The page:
Genomics uncovers the mystery of the magic drumstick tree -- Moringa oleifera

May 08, 2019

Did you ever wonder why our grandmothers insisted on having a Tulsi plant (Holy Basil) in front of the house and a Moringa (Drumstick) tree in the backyard? Each and every part of the drumstick tree has medicinal value and is a rich source of nutrients and minerals. Traditionally, it is known to have anti-diabetic (leaves), cardio-protective (roots), anti-fertility (roots), anti-inflammatory (roots), anti-microbial (roots), anti-oxidative (leaves, flowers), anti-obesity (leaves) properties, and has also been used for water purification (seeds), and as lubricant oil (seeds), among other benefits.

A team of scientists led by Prof. R. Sowdhamini at the National Centre for Biological Sciences (NCBS), Bengaluru, has recently deciphered the transcriptome by purifying and sequencing RNA from five different tissues (root, stem, flower, seed and leaf) of this 'miraculous tree'. The tree tissues were collected from the Gandhi Krishi Vigyan Kendra campus of the University of Agricultural Sciences, Bengaluru. The sequencing data were analyzed using a combination of computational algorithms and wet-lab approaches. The work was partly funded by a grant by Department of Biotechnology, India and partly by a J.C. Bose fellowship conferred upon Sowdhamini by SERB-DST, India. A full report has been published in the journal Genomics recently.

Moringa leaves, flowers and pods are commonly consumed. This study shows that the leaves of this tree contain 30 times more iron and 100 times more calcium than spinach. "Indeed, iron, zinc and magnesium transporters were found to be highly abundant in the roots and stem parts of this tree," says Dr Naseer Pasha, first author of the paper. One of the key enzymes required for the production of vitamin C is also expressed at a significant ratio, in all the five tissues studied.

This tree of sub-Himalayan origin requires very little attention and can survive in arid regions. The transcriptome data indicates multiple stress-responsive genes such as C2H2 and Myb gene families. Together, it provides compelling evidence that this plant is a "superfood", and can provide nutritional sustenance during droughts.

A total of 36 candidate genes were tracked in this study from all five tissues. These include the synthesizing enzymes for compounds (flavonoids, terpenoids, vitamins and alkaloids like Moringine) and transporters of minerals. Among these, the bioactive compounds of medicinal value such as Quercetin (effective in metabolic disorders) and its synthesizing enzymes are observed more in leaves and flowers. Kaempferol (effective as anti-cancer agent) was observed to be abundant in the flowers. The transcript of an enzyme that enables the synthesis of Moringine/ benzylamine, usually observed in bacteria, is highly expressed in Moringa seeds. Moringine is perhaps transported to the roots and is known to improve glucose tolerance and lipid metabolism in mammals. The Ursolic acid and Oleanolic acid products and synthesizing enzymes are observed more in the roots and are known to act as anti-fertility and anti-cancer agents. "A total of 17000 transcripts have been observed and it was a bioinformatics challenge to identify the candidate genes," says Dr Adwait Joshi who is part of the team. Sowdhamini's group combined and compared the data with the already available Moringa oleifera genome sequence from a group in China (Tian et al., 2015).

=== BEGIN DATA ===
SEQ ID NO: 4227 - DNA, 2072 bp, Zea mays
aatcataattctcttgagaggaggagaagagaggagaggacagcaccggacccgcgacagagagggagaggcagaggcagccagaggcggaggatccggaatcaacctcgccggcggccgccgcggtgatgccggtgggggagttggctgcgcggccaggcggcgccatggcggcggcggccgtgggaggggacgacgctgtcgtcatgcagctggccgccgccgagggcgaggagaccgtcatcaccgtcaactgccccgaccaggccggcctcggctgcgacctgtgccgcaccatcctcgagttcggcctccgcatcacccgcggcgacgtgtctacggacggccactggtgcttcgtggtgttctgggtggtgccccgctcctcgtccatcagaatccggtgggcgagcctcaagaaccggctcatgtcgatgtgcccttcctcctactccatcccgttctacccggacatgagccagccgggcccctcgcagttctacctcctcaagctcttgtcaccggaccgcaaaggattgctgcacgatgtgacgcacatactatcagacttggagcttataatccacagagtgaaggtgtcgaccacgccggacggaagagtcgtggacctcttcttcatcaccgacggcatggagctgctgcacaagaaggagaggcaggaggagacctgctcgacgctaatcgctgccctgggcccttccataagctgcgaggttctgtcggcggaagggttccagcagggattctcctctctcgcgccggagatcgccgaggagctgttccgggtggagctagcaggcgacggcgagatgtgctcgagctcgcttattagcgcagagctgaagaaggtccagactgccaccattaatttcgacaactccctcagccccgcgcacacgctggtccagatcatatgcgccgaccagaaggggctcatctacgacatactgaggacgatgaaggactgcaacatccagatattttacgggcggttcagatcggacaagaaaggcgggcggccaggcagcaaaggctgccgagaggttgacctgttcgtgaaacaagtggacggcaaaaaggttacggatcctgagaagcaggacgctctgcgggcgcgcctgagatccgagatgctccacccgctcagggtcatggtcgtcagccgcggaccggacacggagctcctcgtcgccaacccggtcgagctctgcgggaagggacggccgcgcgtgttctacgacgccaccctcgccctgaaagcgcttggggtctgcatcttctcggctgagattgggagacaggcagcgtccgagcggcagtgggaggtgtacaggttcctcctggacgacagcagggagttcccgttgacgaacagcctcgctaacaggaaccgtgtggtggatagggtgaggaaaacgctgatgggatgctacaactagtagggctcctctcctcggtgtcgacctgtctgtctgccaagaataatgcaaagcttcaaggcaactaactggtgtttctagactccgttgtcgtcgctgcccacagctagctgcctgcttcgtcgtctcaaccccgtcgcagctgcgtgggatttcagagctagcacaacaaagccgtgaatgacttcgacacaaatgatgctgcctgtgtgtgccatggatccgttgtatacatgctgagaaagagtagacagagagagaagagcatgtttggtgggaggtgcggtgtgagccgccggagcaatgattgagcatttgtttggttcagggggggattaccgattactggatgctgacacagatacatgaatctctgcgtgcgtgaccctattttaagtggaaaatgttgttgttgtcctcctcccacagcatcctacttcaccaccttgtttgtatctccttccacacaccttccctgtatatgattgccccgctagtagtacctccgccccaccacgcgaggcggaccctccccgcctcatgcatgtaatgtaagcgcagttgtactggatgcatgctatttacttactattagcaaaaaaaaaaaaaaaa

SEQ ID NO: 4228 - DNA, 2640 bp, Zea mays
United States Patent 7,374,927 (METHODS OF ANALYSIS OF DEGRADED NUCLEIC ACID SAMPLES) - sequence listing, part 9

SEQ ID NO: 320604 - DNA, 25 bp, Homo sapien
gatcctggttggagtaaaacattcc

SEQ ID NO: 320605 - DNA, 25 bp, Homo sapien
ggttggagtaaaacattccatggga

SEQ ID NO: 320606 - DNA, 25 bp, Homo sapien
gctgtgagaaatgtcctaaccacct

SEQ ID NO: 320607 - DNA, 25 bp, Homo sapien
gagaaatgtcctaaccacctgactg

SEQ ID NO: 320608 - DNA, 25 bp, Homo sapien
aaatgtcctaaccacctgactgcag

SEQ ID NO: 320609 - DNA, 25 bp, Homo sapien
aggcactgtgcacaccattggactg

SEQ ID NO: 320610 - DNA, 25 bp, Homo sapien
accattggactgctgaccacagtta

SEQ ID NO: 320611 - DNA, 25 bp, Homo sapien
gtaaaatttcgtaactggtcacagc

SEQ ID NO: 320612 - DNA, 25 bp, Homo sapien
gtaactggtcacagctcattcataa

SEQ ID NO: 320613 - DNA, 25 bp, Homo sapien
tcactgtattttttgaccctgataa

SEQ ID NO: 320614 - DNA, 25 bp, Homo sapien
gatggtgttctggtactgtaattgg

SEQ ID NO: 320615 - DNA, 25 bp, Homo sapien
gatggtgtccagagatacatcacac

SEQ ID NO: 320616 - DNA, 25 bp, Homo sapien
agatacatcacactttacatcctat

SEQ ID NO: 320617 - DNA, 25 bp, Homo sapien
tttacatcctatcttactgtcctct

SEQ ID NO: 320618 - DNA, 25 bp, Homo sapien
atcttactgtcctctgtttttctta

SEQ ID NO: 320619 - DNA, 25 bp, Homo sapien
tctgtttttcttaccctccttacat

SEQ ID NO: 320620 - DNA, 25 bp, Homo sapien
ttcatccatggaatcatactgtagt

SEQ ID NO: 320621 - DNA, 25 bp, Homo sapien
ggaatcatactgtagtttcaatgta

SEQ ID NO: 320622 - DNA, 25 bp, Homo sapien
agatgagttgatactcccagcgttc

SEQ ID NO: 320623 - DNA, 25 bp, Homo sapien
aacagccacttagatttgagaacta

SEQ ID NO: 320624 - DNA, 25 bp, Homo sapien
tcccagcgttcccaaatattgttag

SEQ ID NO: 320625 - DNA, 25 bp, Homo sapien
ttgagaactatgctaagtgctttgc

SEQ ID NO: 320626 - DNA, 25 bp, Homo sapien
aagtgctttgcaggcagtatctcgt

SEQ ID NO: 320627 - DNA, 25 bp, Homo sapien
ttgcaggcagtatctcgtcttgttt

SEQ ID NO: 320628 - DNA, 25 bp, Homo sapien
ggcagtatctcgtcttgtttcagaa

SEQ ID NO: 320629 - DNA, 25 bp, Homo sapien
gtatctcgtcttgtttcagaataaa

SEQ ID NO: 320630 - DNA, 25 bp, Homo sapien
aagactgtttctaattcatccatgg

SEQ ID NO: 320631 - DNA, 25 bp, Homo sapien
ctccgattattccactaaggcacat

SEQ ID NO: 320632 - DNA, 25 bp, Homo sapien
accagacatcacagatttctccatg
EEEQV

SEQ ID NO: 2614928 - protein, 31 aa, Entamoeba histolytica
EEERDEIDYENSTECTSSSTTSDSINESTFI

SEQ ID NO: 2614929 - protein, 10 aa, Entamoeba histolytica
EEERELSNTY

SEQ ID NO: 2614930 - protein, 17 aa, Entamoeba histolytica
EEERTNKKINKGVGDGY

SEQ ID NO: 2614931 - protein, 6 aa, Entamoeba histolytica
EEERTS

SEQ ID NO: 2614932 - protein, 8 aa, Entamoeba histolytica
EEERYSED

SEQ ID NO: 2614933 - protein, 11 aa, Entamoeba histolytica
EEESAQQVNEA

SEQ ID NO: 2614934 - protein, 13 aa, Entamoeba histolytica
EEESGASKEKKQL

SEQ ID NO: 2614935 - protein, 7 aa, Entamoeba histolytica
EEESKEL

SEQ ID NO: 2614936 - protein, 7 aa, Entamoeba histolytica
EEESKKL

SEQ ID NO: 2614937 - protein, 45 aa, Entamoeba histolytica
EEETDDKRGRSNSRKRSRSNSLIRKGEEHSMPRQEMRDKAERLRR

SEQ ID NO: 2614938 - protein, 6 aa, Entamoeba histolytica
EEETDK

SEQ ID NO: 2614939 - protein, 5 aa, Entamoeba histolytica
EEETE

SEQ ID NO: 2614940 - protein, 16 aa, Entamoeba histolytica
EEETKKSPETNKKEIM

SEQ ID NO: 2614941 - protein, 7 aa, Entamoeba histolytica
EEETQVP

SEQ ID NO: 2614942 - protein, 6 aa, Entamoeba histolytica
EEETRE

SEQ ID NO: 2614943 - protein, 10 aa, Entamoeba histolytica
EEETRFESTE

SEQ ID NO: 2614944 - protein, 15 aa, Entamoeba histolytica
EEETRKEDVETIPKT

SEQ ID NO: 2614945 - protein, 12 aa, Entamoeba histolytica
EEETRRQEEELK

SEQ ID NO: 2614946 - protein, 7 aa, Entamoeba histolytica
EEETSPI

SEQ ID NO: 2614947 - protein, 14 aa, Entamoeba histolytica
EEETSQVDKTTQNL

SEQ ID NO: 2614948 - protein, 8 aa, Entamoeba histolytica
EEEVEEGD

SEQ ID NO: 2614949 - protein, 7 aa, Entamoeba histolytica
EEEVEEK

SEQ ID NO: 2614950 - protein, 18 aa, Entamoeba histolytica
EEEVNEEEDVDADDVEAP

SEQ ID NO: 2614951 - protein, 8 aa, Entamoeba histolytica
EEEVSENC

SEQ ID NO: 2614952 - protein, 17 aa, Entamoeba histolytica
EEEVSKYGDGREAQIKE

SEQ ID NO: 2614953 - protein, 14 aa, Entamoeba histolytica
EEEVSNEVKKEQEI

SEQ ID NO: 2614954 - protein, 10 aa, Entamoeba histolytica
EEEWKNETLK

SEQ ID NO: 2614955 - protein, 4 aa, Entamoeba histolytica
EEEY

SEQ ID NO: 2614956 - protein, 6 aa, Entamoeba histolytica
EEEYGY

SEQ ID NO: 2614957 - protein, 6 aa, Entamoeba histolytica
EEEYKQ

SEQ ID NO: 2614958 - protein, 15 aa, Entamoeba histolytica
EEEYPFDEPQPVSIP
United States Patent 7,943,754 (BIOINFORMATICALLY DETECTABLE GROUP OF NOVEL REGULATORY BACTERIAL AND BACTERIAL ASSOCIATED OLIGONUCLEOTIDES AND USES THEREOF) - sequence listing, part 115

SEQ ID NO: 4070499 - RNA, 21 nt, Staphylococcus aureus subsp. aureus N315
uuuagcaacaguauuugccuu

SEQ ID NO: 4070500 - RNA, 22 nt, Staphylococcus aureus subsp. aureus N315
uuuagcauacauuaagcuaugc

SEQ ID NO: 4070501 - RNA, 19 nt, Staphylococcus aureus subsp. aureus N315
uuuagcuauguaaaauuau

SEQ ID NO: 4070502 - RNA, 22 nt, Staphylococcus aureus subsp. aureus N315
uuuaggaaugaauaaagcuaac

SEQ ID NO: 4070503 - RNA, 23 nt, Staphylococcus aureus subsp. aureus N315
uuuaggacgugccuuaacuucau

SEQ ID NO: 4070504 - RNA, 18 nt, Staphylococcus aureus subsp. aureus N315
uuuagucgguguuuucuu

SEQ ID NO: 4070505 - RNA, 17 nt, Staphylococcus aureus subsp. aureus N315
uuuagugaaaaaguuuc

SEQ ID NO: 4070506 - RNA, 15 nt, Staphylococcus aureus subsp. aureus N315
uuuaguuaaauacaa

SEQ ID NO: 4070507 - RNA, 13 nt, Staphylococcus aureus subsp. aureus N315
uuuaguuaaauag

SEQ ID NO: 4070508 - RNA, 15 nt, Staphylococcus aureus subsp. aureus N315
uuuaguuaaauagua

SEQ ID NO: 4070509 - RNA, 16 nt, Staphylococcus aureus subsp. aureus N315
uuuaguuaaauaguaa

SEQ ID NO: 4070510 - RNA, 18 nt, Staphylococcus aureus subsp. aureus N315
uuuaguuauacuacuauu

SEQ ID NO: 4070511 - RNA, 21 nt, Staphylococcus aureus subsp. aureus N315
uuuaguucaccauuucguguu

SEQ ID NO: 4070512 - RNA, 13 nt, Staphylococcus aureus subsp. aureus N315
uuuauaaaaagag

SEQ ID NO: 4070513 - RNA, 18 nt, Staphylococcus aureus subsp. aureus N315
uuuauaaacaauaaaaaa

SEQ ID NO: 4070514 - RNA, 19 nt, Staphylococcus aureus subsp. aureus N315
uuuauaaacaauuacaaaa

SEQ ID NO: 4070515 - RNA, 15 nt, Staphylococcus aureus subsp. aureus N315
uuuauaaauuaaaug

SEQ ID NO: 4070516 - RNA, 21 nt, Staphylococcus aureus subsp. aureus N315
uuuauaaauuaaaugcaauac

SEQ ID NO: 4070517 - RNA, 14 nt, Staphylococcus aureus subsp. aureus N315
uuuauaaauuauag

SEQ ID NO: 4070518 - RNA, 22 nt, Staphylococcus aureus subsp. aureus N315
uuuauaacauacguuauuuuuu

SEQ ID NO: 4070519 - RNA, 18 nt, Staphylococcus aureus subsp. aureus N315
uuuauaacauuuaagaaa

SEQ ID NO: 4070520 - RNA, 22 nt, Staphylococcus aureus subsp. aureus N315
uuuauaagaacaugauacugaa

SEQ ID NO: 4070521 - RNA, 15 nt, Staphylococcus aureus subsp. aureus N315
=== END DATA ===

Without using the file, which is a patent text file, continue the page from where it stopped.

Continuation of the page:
"Uncovering the details of the enzymes that lend Moringa its medicinal values, demonstrates the power of genomics. Together, with the commercial applications, such as the use of Moringa leaves in water purification and oleic acid in the oil extracts, this study could pave the way for this plant in the field of biotechnology," says Prof. R. Sowdhamini. Like with the paper on Tulsi (Upadhyay et al., 2015, doi: 10.1186/s12870-015-0562-x), this is yet another attempt by the research group to unravel the mysteries of Indian medicinal plants.
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National Centre for Biological Sciences

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